Arts programs

Financial disadvantage can prevent children and young people from getting involved in opportunities that supplement classroom learning and stimulate personal growth.

High school students photography exhibition

Financial disadvantage can prevent children and young people from getting involved in opportunities that supplement classroom learning and stimulate personal growth.

There is a growing body of evidence that the development of non-cognitive skills in children and young people, such as motivation and self-confidence, can influence schooling and employment achievements.1 Disadvantaged children growing up in environments of financial stress often have limited family and social networks or access to opportunities and resources, and may struggle to have their social and emotional needs met.

Research and our own experience tells us that when students participate in creative enrichment programs and initiatives aimed at developing their social and emotional capabilities, it can help increase their attachment to school, improve their confidence, and build their aspirations for further education.2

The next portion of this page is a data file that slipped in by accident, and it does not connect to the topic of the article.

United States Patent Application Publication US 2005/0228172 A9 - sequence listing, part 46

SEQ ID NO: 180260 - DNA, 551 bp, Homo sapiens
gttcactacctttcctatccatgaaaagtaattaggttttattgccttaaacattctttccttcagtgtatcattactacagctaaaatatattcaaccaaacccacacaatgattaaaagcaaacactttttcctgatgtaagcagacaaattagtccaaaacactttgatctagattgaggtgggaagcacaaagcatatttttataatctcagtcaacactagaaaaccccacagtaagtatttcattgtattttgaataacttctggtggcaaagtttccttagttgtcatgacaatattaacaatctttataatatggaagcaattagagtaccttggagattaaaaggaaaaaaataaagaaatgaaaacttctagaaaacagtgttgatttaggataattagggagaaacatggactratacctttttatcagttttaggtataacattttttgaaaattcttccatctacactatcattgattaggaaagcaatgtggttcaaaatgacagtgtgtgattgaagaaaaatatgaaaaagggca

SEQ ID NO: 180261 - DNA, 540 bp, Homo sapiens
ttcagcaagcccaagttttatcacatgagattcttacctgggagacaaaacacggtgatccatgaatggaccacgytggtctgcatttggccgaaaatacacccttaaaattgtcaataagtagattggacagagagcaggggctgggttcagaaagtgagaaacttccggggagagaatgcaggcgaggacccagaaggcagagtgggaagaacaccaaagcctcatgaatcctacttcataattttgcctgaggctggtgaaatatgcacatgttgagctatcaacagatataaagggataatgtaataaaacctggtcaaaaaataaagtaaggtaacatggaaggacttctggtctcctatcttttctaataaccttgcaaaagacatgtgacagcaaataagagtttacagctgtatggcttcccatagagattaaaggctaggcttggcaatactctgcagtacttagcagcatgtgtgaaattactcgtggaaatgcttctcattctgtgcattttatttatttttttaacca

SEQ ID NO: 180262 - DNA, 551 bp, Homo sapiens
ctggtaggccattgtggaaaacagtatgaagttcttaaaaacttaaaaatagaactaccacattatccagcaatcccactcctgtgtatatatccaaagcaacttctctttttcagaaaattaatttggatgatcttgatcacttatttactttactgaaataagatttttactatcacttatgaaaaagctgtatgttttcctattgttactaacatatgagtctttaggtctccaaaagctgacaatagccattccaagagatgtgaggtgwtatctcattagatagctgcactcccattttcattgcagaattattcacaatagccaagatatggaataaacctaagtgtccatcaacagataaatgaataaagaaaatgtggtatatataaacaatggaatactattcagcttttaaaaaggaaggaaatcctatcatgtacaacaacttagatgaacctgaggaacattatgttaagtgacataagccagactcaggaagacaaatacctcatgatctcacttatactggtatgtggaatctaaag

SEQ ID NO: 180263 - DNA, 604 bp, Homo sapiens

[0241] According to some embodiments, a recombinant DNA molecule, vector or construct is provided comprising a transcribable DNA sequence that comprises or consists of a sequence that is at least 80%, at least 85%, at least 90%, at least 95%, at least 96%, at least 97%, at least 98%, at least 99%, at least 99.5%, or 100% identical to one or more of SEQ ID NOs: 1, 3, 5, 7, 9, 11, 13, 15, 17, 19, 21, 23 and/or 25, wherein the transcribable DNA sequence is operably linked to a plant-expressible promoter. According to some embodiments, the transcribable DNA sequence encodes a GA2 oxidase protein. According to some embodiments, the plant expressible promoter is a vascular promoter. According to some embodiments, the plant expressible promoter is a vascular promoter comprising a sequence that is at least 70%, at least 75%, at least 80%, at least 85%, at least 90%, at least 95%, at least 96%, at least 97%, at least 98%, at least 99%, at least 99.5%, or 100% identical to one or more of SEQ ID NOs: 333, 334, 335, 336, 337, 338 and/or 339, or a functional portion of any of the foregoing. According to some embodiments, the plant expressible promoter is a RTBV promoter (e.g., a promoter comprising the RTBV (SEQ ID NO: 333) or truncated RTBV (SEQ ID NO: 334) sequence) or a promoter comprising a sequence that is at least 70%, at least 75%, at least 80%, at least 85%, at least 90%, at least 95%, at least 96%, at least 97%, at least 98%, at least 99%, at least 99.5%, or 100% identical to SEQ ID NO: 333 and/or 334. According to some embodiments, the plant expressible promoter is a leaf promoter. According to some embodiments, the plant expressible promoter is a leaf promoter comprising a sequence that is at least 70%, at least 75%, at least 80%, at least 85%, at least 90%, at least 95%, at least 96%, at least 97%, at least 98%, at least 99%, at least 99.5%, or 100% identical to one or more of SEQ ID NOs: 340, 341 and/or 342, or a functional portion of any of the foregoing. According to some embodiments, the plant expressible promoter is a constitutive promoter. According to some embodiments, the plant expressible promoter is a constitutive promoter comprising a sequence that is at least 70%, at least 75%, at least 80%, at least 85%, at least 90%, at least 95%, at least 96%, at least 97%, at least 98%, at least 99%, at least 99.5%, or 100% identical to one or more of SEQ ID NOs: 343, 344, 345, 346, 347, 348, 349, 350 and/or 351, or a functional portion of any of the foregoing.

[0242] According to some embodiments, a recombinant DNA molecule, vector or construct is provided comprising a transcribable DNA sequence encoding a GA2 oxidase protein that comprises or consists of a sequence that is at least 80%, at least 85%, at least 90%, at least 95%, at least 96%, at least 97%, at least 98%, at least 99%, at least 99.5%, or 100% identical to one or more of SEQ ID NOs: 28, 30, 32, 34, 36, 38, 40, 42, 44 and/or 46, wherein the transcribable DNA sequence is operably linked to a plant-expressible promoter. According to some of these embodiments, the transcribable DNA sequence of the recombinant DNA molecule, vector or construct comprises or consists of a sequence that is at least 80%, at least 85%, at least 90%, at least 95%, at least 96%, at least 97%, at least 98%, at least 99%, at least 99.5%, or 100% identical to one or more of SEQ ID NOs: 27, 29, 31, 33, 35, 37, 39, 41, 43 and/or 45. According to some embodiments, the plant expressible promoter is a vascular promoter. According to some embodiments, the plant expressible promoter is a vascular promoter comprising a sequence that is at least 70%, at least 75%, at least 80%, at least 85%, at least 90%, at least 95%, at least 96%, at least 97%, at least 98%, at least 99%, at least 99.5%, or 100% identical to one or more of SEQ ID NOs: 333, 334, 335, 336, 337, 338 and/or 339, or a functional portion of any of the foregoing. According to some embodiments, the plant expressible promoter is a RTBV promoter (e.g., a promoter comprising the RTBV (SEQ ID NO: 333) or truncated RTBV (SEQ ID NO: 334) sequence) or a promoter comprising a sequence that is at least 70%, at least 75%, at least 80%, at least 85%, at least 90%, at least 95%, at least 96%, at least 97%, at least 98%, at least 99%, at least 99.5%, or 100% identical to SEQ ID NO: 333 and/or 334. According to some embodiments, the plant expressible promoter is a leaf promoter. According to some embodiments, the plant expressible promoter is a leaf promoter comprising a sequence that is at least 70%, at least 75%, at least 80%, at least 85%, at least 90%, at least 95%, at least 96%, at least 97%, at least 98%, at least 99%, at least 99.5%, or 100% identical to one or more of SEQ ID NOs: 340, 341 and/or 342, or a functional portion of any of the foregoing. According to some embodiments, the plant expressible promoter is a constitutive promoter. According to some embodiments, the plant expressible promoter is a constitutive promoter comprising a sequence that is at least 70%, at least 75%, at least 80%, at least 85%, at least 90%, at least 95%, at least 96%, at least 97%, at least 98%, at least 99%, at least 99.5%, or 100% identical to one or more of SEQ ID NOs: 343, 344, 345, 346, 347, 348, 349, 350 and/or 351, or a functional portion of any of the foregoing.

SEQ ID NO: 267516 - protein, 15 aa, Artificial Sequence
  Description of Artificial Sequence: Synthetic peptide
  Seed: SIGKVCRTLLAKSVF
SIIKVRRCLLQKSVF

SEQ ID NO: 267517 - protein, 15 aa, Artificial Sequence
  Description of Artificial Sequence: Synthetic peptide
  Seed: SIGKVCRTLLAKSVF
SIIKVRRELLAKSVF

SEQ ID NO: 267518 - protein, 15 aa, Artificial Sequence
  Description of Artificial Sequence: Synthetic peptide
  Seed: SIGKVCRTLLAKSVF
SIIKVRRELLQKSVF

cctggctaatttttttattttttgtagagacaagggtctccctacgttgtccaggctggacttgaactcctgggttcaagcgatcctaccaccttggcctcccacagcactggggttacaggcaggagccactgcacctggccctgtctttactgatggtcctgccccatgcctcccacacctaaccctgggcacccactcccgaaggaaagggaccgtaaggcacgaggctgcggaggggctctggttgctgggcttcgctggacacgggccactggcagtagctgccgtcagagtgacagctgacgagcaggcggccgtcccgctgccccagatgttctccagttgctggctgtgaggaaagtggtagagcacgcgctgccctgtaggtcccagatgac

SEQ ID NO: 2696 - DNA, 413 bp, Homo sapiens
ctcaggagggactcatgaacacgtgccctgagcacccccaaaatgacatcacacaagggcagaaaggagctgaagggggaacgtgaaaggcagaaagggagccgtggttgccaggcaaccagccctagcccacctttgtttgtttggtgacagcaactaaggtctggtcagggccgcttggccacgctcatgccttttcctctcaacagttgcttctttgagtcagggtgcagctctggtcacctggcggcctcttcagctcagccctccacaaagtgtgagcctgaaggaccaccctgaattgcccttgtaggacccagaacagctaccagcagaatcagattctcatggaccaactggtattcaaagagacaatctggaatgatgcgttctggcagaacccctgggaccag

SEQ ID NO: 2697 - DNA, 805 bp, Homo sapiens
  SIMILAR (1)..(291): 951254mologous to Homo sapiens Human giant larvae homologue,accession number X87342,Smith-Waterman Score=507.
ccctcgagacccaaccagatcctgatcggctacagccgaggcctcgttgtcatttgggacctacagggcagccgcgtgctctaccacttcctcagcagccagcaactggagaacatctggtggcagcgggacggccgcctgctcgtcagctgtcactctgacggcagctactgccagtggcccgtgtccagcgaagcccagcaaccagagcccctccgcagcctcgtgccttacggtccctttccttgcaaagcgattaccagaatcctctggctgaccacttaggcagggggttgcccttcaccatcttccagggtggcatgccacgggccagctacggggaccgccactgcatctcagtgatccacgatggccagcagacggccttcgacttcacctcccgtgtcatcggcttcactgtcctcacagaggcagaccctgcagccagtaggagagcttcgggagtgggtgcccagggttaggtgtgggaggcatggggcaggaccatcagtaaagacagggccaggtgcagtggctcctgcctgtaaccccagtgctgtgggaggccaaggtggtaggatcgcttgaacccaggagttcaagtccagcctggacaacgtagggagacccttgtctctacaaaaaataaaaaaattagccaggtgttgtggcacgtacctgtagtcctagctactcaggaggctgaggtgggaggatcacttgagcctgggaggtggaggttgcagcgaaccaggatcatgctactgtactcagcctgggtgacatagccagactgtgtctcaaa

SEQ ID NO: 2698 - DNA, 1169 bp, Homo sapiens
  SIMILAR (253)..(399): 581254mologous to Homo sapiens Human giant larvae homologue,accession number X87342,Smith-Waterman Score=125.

We place value on providing extra-curricular opportunities to disadvantaged students to help support their social and emotional development and build on their emerging talents and interests.3

CONverge bringing students together from across Sydney

In 2105 we are celebrating 10 years of CONverge, which has been helping disadvantaged students from schools in Western Sydney find a voice since 2005.

Take a glimpse behind the scenes of the 2014 CONverge program and the final concert that brought together students from Fairfield, Mitchell and Cranebrook High Schools at the Sydney Conservatorium of Music.

2014 CONverge concert

"To be able to sing makes you feel happy, makes you feel stronger, it gives you more confidence." - Sarah, CONverge program participant.